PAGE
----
In January, a massive stack of boxes appeared on my desk. I cut them open to find rows of hardbound books that held every issue of JAAPA ever printed. For a new editor in chief, this was a 200-lb welcome basket.
As I placed each volume, year by year, onto my bookshelf, I cracked a few open. Each turn of the page was a peek through a curtain into another time. The clinical articles, the editorials, and even the advertisements offered a glimpse of the PA profession's past.
Some things don't change much. I skimmed past a 1994 commentary debating the merits of a professional name change and a 1995 message from an AAPA president outlining the optimum approach to team practice. Even back in the 1980s, there were calls for more autonomy and warnings of burnout. Change the font and update a few pictures and you might not even realize you were reading into decades past.
But in other ways, the mark of time was clear. An advertisement proclaimed the virtues of a potent new wonder drug: ciprofloxacin. Leaders wondered how to cope with managing a profession nearing 40,000 members. Educators debated the merits of pushing the profession toward the baccalaureate degree.
It's easy to turn those faded pages into a novelty, to poke fun at outdated design techniques and fashion choices. And I know one day, some future editor will probably look at the work I produce and have a chuckle. That's the joy and terror of working in the public record: our words always age, but they never disappear.
The purpose of JAAPA, however, is not to become a time capsule. When it rolls off the presses, every issue of the journal represents the contemporary voice of the profession. It may transcribe history, but it does so in real time, without hindsight or revision. The mark it leaves is merely a byproduct of its mission: to empower patient care by giving PAs the best-available information.
Still, with more than 3 decades of work laid out in front of me, it was hard not to wonder what tales we might weave into the larger PA tapestry. Like the clinicians in those old pages of JAAPA, we do not set out to leave a flawless legacy, but to show that we acted as honorable stewards of the moment we occupied.
In this particular moment, we are entering a new chapter. The PA profession is no longer infantile. One of the JAAPA issues that I leafed through was published the month I was born. That means, for the first time ever, JAAPA is older than its editor in chief. That fact alone offers proof that the profession has marched into a new phase of maturity with its own unique concerns.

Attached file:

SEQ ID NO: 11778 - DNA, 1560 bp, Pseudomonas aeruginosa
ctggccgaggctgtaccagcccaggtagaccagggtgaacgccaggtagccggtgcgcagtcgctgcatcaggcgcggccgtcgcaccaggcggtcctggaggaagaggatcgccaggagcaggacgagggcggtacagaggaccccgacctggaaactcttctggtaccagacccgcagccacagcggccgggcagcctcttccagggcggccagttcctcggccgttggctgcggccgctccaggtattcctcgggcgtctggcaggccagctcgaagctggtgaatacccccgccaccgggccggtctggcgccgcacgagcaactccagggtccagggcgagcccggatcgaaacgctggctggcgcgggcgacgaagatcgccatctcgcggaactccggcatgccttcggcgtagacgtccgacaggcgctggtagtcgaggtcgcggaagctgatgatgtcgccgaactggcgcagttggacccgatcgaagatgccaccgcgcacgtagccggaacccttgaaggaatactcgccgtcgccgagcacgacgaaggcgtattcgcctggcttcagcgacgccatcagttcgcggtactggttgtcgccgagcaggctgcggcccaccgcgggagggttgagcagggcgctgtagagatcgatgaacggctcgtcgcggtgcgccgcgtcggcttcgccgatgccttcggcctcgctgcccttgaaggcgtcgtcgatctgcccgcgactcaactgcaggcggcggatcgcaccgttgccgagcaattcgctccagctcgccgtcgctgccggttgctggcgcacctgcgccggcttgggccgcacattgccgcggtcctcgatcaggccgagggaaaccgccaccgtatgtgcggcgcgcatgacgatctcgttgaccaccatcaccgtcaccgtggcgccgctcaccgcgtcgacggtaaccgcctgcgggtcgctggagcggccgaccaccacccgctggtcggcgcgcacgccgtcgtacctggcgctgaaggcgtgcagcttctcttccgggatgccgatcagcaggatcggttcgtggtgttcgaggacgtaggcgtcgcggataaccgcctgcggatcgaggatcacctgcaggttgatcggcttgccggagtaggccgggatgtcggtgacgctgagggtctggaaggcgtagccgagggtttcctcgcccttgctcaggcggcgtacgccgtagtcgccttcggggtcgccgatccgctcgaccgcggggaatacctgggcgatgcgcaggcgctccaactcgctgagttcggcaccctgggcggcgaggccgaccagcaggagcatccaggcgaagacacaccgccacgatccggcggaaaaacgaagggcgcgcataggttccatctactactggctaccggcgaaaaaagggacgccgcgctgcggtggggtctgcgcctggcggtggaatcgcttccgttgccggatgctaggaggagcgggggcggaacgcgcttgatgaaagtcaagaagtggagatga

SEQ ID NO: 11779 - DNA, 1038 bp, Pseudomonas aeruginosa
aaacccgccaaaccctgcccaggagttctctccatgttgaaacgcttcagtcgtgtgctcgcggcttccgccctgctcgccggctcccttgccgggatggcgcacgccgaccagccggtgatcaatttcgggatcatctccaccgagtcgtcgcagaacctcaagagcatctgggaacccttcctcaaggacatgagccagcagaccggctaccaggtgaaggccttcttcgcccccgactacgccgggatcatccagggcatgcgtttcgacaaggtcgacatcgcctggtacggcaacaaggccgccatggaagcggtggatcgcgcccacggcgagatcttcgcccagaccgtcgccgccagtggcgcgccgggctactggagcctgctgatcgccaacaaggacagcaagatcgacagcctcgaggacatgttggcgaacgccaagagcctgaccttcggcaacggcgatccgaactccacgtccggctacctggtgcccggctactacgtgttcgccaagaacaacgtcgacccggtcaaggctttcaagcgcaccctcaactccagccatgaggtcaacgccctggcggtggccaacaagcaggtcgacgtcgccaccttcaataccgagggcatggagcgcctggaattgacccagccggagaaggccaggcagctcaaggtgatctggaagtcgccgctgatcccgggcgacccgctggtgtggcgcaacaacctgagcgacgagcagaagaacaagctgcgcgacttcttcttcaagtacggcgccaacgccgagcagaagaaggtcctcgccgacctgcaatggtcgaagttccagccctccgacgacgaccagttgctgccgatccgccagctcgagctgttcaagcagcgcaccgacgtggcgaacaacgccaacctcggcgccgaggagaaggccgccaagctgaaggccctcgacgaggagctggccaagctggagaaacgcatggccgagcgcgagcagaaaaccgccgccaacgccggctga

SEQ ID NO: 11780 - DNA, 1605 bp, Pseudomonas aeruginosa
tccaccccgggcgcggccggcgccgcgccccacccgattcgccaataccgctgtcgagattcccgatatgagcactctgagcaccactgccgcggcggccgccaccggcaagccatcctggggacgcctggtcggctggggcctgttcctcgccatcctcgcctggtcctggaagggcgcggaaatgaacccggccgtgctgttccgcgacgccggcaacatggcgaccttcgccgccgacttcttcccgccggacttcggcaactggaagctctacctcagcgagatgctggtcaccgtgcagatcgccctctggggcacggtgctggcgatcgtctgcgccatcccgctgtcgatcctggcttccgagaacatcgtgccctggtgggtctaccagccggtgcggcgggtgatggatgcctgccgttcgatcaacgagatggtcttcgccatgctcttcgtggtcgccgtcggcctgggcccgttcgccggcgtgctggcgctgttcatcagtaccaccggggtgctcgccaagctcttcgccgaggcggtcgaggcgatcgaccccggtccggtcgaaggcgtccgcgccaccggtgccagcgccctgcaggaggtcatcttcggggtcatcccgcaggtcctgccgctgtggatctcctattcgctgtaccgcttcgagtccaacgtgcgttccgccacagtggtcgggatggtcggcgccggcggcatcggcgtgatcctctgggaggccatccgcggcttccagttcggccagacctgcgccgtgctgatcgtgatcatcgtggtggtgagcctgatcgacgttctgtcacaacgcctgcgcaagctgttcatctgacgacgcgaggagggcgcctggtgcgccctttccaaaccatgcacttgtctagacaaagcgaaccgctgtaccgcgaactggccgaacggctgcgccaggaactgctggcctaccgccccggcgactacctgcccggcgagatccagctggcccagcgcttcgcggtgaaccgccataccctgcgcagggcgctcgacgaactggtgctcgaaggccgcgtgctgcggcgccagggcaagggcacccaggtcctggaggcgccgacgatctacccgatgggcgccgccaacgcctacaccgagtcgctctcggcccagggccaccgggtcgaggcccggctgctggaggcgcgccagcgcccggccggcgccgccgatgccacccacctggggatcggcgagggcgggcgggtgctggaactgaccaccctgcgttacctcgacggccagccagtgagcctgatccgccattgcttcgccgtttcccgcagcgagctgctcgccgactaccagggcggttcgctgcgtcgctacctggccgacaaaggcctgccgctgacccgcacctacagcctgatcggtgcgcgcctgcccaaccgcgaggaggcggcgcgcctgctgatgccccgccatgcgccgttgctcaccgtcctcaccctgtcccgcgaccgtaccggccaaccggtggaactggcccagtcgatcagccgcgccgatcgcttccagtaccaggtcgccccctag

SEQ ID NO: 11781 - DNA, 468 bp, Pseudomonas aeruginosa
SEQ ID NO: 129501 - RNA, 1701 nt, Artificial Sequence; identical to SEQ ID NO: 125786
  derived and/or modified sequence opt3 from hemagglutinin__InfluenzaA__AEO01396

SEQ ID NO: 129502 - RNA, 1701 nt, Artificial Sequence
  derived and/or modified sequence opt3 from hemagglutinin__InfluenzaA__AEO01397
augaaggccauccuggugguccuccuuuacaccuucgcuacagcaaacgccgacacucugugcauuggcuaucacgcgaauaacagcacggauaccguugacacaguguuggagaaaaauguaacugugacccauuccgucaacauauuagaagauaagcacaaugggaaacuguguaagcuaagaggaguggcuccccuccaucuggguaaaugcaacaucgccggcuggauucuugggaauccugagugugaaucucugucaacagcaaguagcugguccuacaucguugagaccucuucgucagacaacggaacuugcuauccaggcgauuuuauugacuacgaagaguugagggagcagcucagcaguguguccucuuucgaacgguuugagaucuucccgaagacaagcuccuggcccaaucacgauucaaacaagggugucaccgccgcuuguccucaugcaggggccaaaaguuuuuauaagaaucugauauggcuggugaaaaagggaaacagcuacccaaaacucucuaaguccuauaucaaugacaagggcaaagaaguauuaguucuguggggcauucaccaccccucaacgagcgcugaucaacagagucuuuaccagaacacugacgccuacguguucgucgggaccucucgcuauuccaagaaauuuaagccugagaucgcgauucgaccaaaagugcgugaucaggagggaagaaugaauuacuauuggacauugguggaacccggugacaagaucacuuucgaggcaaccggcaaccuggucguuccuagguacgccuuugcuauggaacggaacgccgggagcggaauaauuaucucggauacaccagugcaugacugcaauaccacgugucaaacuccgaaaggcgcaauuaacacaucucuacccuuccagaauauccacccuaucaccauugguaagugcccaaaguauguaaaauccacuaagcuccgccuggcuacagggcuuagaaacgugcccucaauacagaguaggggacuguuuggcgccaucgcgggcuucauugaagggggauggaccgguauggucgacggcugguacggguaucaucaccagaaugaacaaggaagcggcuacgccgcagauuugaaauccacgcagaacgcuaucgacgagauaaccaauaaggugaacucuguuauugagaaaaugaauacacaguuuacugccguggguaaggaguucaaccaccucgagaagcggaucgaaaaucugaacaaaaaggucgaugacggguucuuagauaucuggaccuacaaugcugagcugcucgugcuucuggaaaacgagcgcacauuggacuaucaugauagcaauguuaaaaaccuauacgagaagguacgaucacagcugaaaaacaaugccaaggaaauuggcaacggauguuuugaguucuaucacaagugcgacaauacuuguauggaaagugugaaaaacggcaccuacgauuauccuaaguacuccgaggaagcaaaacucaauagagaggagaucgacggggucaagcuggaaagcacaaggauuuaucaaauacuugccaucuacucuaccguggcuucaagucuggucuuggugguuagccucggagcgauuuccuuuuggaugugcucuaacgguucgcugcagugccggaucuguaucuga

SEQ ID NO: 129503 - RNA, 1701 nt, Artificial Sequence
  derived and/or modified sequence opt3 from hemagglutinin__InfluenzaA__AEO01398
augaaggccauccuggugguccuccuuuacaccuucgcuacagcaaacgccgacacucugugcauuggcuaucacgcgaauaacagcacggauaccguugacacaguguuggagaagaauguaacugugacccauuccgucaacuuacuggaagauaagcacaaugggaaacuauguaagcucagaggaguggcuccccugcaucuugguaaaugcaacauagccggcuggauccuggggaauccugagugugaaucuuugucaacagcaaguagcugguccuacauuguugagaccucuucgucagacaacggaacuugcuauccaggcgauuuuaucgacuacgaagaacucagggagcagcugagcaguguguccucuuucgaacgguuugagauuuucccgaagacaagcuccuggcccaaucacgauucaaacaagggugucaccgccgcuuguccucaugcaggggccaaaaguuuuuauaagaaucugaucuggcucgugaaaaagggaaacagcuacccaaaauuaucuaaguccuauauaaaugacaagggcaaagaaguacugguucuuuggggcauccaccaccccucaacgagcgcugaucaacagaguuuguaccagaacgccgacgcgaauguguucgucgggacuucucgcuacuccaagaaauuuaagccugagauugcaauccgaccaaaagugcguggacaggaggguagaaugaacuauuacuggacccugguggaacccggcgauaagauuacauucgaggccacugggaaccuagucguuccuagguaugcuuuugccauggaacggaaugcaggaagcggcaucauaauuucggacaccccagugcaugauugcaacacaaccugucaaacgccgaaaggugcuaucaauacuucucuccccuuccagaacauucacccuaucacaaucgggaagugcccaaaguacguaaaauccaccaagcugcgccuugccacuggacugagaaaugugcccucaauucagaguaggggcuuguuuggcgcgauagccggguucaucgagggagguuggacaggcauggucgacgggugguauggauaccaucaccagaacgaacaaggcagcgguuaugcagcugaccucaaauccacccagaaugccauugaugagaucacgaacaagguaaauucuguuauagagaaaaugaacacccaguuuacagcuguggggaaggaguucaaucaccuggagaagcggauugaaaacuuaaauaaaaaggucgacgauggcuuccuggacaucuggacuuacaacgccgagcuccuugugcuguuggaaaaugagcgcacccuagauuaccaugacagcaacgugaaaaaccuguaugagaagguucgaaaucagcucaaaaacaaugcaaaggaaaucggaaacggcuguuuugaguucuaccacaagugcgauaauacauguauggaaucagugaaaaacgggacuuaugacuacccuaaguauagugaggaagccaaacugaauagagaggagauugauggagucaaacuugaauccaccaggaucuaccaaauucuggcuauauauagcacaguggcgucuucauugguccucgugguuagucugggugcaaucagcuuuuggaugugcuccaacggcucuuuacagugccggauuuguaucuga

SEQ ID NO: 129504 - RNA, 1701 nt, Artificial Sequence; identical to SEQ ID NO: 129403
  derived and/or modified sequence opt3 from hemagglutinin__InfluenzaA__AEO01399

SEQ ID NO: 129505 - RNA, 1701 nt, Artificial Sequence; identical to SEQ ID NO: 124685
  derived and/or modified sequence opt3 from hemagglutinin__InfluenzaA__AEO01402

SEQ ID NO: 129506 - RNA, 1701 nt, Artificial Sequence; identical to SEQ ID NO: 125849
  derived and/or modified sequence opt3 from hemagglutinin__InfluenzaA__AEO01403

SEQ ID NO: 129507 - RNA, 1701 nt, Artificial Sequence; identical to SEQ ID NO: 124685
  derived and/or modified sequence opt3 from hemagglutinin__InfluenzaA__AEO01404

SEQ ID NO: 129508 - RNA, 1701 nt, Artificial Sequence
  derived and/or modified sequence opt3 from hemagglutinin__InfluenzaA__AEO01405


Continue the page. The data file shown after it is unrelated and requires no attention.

In 2020, the number of practicing PAs will reach 140,000. Another 10,000 new PAs will graduate each year. There are over 250 PA programs in existence with more planned to launch. In a span of decades, PAs have transitioned from a relative rarity to a ubiquitous component of the healthcare workforce.
The strength of our numbers comes with a new responsibility. We are no longer just an upstart band of pioneering professionals. Our identity has become more complex and requires more nuance.
As much as we push the boundaries on what we can accomplish, we also must tend to the territory that we occupy. As much as we need innovation and advocacy, we also need maintenance and governance. As much as we need enthusiasm, we also need restraint. As much as we seek the rewards that our profession offers, we also must seek opportunities to serve our colleagues and communities.
In this next chapter, we face a shift in what connects us as PAs. As the settings and specialties in which we work become more varied, we are unified less by our job descriptions and more by our underlying values. Our common ground is not what we do, but why we do it.
And if that drive comes from a sincere dedication to the good of our patients, our communities, and the world—and is untainted by ego and greed—then we will never have to worry about how future PAs view this chapter. Because the importance of those principles will never fade, no matter how much dust collects on the pages.